Obviously, you can stay at our guest house where we rent rooms and apartments to climbers and other visitors as well. We can provide you with all the climbing information before you even leave home and when you get here you will find the most recent climbing guidebook at your disposal. We also provide climbing courses for beginners and more advanced lessons for those who want to take their climbing a step further. You simply get the most climber-friendly place out there, so please contact us in advance.
On this interactive map you can find placemarks for all the cliffs in Paklenica that are open for climbing with some route names mentioned beside them. The approach is typically a short walk along a marked trail while descents usually require some routefinding skills and can involve easy scrambling or abseiling.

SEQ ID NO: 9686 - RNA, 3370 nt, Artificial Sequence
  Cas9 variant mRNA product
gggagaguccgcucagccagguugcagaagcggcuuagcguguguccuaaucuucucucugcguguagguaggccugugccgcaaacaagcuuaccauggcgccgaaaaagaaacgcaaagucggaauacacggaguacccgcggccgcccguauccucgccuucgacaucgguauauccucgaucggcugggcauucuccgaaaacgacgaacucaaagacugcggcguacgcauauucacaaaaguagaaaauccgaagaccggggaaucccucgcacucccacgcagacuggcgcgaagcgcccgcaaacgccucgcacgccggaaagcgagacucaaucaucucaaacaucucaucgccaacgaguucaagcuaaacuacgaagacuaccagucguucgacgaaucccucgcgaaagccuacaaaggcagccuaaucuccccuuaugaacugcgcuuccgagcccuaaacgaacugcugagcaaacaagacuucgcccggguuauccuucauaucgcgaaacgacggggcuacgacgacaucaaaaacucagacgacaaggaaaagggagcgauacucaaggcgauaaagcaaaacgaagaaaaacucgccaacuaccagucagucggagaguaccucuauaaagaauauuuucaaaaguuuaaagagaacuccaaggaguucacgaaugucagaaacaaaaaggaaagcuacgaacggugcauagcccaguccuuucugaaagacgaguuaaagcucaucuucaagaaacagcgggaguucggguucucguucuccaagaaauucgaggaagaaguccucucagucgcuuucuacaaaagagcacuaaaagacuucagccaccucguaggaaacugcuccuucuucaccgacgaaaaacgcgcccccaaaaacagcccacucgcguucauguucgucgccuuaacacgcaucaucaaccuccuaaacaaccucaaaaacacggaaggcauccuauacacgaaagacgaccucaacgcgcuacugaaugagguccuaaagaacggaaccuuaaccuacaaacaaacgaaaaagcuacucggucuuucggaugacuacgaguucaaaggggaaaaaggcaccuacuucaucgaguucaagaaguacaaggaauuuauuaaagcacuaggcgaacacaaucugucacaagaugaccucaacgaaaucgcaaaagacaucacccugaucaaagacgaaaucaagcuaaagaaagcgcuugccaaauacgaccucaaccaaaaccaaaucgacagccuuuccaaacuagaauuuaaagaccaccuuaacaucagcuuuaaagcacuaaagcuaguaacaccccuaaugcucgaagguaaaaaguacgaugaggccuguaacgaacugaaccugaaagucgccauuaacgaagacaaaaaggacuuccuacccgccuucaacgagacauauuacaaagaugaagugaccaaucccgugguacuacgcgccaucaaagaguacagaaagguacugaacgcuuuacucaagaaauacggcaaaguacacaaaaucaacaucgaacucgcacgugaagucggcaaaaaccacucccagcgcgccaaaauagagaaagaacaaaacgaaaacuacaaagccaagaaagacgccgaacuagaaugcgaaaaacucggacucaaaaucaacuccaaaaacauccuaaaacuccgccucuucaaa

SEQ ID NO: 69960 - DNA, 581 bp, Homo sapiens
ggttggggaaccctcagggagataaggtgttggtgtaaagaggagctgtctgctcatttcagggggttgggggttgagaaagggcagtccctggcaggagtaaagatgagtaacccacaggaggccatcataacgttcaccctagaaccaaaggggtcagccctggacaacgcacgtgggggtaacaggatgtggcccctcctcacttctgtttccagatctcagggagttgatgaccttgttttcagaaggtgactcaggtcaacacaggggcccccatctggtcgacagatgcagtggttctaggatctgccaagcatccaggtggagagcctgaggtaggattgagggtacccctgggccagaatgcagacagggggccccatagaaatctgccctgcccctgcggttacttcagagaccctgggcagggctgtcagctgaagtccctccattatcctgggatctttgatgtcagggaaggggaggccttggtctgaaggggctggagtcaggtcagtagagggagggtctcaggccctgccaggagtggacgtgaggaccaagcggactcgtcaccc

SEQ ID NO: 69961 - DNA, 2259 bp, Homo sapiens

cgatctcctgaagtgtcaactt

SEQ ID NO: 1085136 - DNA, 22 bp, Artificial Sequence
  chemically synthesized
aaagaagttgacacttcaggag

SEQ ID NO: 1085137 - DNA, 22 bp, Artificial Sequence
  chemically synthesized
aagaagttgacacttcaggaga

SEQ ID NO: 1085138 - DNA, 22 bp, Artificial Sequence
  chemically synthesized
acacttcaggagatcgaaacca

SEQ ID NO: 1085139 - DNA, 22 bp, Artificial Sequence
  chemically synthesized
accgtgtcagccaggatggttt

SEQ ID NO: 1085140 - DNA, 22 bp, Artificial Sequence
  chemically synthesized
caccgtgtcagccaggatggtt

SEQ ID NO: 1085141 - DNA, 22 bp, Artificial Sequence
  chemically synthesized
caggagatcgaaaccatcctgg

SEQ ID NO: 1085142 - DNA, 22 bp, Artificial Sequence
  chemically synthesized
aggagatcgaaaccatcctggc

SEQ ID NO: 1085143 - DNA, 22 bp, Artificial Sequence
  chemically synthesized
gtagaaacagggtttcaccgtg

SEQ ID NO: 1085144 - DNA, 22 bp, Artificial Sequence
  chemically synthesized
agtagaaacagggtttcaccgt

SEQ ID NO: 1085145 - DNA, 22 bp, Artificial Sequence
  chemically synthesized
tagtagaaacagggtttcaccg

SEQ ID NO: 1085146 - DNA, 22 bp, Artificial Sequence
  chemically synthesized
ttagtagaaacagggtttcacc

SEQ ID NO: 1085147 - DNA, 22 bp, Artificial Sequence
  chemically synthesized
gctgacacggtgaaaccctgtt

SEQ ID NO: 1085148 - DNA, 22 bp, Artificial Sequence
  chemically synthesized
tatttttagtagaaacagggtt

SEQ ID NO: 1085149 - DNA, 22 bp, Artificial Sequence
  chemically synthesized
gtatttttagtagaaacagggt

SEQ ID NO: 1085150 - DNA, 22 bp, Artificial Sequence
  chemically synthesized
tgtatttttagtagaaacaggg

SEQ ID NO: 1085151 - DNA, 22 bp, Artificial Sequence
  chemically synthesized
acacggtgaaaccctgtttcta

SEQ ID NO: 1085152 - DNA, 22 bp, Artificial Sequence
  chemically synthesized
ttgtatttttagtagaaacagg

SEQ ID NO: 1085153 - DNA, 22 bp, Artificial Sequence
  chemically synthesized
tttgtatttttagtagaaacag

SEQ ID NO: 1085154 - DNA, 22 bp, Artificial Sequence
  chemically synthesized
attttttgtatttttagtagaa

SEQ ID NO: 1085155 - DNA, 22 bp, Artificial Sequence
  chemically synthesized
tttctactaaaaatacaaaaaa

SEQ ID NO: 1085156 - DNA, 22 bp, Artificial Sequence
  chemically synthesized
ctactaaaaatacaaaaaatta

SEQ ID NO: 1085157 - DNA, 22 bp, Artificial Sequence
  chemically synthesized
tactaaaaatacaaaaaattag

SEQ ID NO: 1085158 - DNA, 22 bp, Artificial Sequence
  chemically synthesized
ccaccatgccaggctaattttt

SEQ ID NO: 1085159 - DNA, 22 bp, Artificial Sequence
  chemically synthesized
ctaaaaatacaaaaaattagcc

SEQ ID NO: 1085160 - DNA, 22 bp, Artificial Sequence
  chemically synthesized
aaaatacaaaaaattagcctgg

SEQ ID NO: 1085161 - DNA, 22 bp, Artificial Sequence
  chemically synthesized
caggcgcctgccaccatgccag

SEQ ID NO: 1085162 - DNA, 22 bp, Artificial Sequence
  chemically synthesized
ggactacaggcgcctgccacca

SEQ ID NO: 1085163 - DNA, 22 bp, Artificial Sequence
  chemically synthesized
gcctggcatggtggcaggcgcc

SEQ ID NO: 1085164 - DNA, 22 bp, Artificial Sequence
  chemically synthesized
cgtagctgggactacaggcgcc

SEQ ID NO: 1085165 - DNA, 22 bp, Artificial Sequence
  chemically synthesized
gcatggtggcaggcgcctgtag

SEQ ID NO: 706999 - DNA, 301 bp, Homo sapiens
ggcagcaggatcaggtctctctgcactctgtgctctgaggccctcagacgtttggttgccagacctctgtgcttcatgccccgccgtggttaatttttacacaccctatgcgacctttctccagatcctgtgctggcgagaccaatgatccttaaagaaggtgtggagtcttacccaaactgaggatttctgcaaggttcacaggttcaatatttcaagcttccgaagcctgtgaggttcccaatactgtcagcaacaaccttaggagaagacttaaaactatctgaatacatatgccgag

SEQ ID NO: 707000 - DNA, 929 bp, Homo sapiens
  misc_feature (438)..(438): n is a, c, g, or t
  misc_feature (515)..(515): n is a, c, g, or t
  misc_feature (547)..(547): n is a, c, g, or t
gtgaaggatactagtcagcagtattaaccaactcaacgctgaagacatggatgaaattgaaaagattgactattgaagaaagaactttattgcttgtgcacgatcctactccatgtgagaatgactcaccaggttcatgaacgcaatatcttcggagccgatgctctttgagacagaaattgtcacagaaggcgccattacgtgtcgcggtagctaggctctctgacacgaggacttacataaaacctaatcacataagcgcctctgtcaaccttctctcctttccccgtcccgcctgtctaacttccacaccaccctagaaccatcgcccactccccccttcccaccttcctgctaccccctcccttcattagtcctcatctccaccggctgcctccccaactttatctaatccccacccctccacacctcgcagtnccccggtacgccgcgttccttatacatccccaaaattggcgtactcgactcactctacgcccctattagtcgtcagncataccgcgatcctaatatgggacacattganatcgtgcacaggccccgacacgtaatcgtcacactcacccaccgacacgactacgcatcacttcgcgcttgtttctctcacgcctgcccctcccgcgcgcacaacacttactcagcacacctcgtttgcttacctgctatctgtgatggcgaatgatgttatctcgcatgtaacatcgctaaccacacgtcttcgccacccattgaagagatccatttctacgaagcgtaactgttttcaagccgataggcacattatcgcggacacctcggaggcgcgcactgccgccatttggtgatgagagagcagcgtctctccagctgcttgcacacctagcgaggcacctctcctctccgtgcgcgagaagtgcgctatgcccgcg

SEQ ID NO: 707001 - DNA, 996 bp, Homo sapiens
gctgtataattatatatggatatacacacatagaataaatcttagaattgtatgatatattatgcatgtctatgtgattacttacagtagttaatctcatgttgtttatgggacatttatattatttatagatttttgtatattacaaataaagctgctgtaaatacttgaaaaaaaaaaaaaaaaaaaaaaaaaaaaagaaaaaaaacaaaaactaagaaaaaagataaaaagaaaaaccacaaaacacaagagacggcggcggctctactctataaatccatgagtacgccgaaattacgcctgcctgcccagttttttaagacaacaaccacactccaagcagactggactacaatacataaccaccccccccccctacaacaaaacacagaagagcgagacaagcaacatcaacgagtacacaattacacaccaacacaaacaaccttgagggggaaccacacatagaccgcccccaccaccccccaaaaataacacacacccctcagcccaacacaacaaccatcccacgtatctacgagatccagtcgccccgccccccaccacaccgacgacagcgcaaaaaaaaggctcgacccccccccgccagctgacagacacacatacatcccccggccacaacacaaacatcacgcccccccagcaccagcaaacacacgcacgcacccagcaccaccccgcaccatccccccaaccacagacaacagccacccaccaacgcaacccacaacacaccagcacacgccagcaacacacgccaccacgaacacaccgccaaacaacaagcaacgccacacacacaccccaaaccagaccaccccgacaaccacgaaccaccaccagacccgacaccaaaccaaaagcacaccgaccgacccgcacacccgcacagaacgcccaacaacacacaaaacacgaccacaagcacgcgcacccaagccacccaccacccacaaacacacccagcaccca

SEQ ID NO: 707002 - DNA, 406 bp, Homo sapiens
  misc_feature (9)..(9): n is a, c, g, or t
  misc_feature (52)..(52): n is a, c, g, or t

The location of our guest house apartments is shown yellow.
Below is the most up-to-date list of all the multi-pitch routes open to climbing and their official grades. Nb, in Paklenica there are many more routes established then are officially open for climbing. The closure of entire cliffs was necessary to protect the bird-life while some routes were closed out of concern for the safety of tourists and sport climbers immediately below them. This list refers only to the routes officially open for climbing, so please keep that in mind. For the routes I climbed myself and had a camera with me at the time I provided links to photo galleries and trip reports (in Croatian) but no guarantee that I actually took pictures of every single route I climbed on a particular trip.
Please note: this page is and always will be work in progress.